Many of the things we use now were at some point of time ridiculed or looked down upon with fear, be it the trains that could kill people with speed or the telephones that could give them a shock to television that could hurt their eyes to light bulbs considered unworthy of the attention of intelligent or practical people.
We, the “wanting to control” humans fear the unknown, it scares us and makes us helpless. Over the decades, as people used them more often and got used to them, they learned to balance out the positive and negative of the latest inventions in the world. They learned about the strategies and acquired techniques to reduce harm.
The previous generation preferred to let the younger generations learn and use the latest things and felt proud of their achievement. In the current situation and dealing with 21st-century children, it may feel good to say: “I am very bad with these things. The children know how to do it and use it. It’s not my thing.”
This attitude and approach can cause more harm than good, it can pose a greater threat to our children than cyberbullying or screen time or social media can. Our ignorance and theirs too result in them asking the wrong people about important things concerning their safety and well-being in the digital world.
It’s not about trusting children and knowing them, it’s about not knowing and trusting the fast-growing and evolving technology and leaving them with it, ignorant and excited. It’s about children being educated the wrong way, from the wrong influences around them and our ignorance leading to their arrogance resulting in family conflicts.
Adults are better at shortcuts and quick fixes and solutions than children are. There was a time when parents were scared or unsure about giving a personal phone to a 16 or 18-year-old. During the lockdown, 7- and 10-year-olds have a personal phone because they are “at home only” and have limited physical privacy and independence, which was otherwise there in school or classes where they went normally.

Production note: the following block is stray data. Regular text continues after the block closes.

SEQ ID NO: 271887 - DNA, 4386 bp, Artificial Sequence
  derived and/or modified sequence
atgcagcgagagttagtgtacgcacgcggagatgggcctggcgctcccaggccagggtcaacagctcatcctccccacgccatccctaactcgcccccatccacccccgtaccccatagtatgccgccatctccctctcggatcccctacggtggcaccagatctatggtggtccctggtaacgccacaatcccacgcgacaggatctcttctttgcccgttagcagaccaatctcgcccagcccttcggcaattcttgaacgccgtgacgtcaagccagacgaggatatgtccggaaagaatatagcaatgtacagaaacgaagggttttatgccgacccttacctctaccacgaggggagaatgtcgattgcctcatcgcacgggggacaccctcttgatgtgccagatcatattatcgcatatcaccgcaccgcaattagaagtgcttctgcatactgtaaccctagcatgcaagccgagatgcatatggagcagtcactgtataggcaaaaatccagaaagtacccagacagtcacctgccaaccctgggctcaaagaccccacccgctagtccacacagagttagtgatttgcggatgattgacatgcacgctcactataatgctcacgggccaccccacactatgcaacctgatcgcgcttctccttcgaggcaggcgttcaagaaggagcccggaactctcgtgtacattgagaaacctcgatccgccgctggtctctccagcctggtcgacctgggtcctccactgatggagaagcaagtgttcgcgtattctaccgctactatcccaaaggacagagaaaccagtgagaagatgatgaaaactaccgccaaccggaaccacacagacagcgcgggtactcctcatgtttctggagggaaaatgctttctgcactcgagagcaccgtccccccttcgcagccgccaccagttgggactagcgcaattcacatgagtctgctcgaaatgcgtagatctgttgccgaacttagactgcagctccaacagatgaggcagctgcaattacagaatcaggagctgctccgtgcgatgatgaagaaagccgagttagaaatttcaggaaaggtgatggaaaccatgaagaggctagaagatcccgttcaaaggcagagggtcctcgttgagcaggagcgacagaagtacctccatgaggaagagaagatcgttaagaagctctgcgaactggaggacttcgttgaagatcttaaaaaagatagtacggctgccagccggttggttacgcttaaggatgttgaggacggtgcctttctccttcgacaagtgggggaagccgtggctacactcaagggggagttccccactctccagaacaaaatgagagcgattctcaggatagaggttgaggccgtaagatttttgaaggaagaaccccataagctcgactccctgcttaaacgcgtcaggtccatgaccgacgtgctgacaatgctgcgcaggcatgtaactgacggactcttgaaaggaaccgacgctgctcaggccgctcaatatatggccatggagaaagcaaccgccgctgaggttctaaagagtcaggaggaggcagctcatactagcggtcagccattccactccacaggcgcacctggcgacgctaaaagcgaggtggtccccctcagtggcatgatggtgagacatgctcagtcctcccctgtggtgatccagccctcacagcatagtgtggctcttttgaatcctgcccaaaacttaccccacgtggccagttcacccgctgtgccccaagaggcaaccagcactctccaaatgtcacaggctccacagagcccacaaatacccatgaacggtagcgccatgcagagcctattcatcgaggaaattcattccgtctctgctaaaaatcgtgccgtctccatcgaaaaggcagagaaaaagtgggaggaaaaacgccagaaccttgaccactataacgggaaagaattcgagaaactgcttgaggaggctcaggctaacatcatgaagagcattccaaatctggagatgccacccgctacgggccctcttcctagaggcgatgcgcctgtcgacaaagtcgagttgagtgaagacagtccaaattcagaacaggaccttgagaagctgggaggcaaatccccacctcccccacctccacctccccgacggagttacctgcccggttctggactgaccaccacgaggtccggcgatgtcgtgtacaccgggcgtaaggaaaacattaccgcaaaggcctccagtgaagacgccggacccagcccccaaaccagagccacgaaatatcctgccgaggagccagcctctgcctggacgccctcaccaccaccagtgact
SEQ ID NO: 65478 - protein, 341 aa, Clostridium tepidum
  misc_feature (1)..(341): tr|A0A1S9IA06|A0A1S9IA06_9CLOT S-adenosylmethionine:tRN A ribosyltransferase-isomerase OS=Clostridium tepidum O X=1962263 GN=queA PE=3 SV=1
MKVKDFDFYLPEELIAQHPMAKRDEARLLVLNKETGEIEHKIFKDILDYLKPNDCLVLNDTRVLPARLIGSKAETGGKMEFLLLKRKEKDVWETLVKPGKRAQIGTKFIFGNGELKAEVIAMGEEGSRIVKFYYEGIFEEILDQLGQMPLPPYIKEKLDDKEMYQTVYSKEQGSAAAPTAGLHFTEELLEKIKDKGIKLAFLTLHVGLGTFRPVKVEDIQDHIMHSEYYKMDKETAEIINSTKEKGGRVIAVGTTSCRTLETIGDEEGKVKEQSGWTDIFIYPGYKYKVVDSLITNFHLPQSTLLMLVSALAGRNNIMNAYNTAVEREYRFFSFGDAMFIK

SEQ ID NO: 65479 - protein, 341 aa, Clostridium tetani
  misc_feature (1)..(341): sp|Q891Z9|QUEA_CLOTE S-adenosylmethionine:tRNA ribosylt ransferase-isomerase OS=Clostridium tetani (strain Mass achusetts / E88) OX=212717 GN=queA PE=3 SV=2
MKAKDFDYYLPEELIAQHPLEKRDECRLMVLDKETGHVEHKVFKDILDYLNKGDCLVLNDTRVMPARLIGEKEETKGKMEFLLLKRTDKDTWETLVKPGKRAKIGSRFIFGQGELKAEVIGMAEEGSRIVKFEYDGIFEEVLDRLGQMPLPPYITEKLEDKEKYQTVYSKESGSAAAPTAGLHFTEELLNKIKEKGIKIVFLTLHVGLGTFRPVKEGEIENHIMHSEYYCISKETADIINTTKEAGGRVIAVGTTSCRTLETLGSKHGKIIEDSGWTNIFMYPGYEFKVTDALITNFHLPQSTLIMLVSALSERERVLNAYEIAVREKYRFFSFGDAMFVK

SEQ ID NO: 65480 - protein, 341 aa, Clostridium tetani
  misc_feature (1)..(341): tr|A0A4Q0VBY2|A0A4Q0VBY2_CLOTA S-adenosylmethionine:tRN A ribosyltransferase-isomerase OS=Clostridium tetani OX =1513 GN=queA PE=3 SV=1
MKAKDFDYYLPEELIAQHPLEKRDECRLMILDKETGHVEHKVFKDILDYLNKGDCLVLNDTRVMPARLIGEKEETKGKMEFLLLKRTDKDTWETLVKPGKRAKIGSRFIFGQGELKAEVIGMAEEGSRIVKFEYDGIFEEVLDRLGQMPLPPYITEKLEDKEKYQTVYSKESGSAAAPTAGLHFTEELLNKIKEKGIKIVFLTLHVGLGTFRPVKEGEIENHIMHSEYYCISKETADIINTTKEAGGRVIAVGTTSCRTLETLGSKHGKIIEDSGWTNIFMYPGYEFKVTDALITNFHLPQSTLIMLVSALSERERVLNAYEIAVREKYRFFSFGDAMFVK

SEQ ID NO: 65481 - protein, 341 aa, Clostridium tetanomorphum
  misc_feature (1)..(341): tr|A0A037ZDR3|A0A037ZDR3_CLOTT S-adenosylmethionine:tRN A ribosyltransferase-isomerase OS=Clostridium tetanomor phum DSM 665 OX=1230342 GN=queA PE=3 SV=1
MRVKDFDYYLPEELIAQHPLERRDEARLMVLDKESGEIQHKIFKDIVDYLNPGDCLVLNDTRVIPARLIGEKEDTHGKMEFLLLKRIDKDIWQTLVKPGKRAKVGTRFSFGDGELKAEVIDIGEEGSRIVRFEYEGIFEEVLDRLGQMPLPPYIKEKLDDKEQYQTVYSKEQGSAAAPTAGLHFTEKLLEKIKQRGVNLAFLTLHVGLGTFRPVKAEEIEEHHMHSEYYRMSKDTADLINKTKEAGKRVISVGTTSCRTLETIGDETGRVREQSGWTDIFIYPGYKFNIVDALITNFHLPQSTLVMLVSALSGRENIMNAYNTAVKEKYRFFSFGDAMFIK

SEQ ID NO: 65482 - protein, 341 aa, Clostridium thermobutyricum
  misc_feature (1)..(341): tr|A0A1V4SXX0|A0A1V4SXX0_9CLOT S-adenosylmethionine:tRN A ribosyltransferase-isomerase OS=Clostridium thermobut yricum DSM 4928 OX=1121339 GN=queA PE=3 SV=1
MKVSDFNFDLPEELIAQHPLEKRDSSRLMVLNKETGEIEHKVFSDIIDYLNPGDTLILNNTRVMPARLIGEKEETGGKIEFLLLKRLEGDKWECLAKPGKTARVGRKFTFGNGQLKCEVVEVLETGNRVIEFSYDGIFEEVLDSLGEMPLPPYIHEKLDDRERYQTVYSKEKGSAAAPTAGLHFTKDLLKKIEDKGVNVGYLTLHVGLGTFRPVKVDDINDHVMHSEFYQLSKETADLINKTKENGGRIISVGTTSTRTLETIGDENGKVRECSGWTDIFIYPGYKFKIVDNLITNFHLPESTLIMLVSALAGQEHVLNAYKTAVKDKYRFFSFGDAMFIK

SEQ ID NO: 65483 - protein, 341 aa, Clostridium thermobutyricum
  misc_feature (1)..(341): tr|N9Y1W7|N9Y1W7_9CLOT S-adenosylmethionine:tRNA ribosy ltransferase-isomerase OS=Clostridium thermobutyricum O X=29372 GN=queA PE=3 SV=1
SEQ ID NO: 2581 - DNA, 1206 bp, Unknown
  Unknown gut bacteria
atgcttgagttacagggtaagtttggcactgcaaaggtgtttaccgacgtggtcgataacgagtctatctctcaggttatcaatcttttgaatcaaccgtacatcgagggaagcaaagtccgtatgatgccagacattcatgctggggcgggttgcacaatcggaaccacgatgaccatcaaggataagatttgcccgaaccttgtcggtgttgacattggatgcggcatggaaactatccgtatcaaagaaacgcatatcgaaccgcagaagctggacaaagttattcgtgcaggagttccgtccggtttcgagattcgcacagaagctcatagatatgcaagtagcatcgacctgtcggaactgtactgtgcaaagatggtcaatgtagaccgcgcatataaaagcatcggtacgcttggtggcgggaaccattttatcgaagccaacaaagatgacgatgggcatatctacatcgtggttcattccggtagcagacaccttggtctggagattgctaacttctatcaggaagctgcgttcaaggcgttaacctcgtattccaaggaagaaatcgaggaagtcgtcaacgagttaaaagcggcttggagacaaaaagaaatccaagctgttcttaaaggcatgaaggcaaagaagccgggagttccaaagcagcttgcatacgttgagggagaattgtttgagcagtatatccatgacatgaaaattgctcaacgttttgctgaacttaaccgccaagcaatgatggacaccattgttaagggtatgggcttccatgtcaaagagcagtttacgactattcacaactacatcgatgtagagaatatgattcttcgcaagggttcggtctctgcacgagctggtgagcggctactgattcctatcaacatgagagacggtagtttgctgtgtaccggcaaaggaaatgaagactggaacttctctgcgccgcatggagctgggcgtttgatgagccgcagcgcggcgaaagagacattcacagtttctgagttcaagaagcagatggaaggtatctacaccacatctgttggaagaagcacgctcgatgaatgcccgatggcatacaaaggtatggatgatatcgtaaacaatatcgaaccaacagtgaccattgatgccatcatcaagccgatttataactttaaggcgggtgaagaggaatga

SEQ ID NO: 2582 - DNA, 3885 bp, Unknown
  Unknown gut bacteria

To make up for that physical privacy, many parents have started to be open-minded about having a personal phone at 7 and 10 years. Yet again, with little knowledge of technology as well as their parenting technique, parents are happy to have the children around, using technology and being assured of their children’s safety.
It’s important for us adults to use technology, to know it, to learn more about it, to question it, to deal with it rather than fearing it. That will ensure we are better equipped to deal with its ill-effects while tapping into all the good it can offer, from skilling a child through coding to connecting the whole world, raising global citizens, who are proud of their nationality, serving humanity and raised by adults who know and teach them about technology and its fragility, balancing and mastering social touch and screen touch.
(Madiha Ahmed is an Indian Social Development Expert, working in communication, media, education, parenting, digital literacy, STEM education, gender equity, and entrepreneurship. Currently, she is a Consultant and Trainer at Dell Aarambh spreading digital literacy among teachers and parents in India)